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No. of Recommendations: 9
http://www.washingtonpost.com/opinions/george-will-colleges-...

In 2007, Keith John Sampson, a middle-aged student working his way through Indiana University-Purdue University Indianapolis as a janitor, was declared guilty of racial harassment. Without granting Sampson a hearing, the university administration — acting as prosecutor, judge and jury — convicted him of “openly reading [a] book related to a historically and racially abhorrent subject.”

“Openly.” “Related to.” Good grief.

The book, “Notre Dame vs. the Klan,” celebrated the 1924 defeat of the Ku Klux Klan in a fight with Notre Dame students. But some of Sampson’s co-workers disliked the book’s cover, which featured a black-and-white photograph of a Klan rally. Someone was offended, therefore someone else must be guilty of harassment.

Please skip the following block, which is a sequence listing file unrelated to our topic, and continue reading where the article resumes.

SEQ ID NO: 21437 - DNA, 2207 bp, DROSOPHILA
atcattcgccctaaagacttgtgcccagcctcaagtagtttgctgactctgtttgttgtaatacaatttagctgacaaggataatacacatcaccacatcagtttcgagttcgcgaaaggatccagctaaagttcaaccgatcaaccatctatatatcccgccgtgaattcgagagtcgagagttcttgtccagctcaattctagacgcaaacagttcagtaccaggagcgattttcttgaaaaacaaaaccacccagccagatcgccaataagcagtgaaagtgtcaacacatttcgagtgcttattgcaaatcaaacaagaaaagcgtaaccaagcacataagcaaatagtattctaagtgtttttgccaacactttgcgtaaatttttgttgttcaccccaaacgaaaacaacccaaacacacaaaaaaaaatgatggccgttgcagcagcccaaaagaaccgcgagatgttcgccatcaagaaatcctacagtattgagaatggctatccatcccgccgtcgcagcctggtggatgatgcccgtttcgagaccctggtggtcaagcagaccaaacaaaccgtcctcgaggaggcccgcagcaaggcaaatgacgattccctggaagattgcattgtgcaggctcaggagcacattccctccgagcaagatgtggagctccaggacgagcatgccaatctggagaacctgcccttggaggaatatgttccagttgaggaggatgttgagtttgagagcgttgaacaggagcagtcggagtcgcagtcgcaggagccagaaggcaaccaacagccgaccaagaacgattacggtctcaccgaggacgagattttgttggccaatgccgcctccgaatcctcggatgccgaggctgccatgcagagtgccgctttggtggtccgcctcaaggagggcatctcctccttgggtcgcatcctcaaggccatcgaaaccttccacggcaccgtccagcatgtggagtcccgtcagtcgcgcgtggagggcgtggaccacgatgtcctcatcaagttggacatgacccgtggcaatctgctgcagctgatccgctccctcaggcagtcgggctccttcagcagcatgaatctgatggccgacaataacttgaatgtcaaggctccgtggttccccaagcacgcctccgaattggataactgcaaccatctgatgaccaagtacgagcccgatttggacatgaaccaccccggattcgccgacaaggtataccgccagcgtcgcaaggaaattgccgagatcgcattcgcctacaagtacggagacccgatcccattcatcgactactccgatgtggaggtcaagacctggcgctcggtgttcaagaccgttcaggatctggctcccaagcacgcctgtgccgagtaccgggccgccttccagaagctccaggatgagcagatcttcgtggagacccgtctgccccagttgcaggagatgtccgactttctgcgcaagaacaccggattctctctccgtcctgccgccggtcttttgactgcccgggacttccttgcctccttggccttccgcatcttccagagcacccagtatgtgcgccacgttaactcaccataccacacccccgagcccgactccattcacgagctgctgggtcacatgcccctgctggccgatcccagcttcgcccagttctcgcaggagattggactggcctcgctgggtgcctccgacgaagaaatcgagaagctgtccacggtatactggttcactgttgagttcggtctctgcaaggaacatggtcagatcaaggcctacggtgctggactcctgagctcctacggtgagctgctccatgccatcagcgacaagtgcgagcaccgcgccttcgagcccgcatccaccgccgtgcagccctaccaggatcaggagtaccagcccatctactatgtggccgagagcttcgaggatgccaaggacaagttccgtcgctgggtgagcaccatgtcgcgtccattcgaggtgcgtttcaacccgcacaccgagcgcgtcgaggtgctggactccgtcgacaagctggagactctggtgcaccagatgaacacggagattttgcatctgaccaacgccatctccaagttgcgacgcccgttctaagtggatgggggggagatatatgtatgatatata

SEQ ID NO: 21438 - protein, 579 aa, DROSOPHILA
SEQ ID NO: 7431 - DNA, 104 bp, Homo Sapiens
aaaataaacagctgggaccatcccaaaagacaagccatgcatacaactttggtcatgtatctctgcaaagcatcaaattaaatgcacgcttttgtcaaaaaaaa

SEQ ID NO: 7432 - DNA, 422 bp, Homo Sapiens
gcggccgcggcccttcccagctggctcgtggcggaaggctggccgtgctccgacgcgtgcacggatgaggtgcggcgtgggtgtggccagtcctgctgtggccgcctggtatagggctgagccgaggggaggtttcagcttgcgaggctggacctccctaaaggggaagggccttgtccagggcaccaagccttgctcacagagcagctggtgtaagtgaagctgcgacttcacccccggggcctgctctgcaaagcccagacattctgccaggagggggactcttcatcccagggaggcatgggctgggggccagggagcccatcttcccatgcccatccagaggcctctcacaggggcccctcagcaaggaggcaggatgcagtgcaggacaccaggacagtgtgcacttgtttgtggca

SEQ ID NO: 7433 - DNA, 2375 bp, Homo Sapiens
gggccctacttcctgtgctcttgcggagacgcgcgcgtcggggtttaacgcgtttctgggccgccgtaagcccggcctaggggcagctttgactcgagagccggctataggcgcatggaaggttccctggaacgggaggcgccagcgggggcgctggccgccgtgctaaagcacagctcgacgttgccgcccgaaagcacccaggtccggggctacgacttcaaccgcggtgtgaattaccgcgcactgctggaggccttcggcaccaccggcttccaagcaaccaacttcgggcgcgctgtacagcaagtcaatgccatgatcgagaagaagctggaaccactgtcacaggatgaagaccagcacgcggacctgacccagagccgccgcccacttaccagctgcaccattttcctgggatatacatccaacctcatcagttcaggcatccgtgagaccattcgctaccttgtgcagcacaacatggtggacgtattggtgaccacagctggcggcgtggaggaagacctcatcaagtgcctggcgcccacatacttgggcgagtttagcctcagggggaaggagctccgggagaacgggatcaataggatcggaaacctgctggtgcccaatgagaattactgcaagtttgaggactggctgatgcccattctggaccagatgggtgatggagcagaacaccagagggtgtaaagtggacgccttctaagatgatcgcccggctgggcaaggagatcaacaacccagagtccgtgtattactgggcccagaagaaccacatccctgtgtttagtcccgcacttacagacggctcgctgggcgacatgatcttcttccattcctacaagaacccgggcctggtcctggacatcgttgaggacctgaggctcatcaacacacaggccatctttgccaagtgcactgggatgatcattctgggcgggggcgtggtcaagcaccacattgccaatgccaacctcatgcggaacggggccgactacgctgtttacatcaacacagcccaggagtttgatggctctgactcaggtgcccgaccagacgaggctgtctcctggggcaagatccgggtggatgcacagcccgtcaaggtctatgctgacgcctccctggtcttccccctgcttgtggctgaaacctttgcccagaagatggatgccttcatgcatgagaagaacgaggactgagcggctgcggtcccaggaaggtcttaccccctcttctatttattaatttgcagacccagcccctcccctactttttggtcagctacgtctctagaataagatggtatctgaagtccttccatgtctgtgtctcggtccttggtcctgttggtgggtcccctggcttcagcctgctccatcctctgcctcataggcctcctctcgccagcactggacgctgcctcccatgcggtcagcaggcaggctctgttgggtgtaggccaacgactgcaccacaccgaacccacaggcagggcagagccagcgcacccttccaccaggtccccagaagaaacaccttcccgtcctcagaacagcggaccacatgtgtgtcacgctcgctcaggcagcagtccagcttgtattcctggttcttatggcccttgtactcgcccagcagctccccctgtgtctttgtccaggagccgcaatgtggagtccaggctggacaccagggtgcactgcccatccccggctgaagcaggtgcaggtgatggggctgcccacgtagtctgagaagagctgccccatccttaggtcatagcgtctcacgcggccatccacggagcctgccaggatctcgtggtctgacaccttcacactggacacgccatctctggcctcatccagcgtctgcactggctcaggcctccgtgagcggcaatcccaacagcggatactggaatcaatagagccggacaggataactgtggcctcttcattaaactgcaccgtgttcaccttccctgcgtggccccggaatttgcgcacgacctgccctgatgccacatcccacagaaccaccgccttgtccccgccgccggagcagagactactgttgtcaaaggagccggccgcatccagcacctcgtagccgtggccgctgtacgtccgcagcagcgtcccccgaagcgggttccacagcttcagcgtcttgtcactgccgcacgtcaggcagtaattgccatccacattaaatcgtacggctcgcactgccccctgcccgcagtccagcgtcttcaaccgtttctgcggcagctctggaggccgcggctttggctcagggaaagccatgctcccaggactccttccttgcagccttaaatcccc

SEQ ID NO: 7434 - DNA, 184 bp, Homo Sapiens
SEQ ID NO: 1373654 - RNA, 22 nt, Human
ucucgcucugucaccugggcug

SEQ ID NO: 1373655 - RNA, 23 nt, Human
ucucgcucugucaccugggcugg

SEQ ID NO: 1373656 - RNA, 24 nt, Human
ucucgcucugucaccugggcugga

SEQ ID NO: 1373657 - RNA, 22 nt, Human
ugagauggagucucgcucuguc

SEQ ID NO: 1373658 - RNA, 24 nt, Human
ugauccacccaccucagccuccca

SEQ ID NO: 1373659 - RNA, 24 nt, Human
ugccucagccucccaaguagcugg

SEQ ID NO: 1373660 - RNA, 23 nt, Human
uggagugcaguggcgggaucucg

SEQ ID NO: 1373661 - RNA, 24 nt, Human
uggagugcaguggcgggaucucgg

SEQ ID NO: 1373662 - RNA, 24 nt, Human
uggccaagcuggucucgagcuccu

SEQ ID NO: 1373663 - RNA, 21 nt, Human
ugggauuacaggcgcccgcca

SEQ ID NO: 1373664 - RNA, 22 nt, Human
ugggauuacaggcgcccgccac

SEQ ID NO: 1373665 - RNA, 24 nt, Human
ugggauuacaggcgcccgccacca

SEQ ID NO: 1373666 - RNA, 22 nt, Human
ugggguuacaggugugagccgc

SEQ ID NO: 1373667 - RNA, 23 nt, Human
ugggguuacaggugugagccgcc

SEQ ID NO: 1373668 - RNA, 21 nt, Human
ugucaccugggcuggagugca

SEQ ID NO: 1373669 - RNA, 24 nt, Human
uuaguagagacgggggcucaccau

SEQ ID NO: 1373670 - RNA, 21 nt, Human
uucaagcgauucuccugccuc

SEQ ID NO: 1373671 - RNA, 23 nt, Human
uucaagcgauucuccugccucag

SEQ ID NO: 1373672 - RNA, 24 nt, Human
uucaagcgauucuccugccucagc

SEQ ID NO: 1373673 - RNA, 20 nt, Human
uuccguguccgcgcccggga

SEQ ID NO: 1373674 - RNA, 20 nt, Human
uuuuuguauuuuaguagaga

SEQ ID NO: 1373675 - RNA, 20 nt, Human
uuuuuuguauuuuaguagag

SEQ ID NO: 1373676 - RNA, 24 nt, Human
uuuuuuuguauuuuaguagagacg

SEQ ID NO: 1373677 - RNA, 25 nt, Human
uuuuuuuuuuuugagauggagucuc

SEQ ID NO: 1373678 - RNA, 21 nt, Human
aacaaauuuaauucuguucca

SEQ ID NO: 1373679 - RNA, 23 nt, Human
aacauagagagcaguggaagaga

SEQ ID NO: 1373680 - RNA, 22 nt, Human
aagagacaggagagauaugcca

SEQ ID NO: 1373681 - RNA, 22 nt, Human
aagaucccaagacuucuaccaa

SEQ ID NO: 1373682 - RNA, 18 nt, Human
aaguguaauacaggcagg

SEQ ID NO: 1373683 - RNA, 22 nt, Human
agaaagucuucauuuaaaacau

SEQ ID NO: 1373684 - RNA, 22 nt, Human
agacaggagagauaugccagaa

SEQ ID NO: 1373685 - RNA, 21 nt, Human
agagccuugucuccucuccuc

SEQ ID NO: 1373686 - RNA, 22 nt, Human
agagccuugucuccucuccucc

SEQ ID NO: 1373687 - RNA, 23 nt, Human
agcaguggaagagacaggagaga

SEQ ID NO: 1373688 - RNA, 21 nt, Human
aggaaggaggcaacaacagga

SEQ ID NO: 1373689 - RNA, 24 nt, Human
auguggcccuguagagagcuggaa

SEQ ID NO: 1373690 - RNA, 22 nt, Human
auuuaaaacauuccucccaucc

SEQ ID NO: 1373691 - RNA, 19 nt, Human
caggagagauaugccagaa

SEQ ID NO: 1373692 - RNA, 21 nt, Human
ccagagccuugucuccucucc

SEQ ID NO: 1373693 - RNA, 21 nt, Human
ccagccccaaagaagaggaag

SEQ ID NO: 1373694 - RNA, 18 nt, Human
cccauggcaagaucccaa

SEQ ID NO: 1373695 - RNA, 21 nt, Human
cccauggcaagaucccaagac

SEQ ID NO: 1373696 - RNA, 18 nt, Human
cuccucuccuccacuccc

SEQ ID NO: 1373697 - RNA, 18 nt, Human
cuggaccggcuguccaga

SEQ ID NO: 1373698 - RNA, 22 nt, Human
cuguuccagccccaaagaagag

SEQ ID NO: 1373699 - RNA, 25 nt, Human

This non sequitur reflects the right never to be annoyed, a new campus entitlement. Legions of administrators, who now outnumber full-time faculty, are kept busy making students mind their manners, with good manners understood as conformity to liberal politics.

Liberals are most concentrated and untrammeled on campuses, so look there for evidence of what, given the opportunity, they would do to America.
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Good point.
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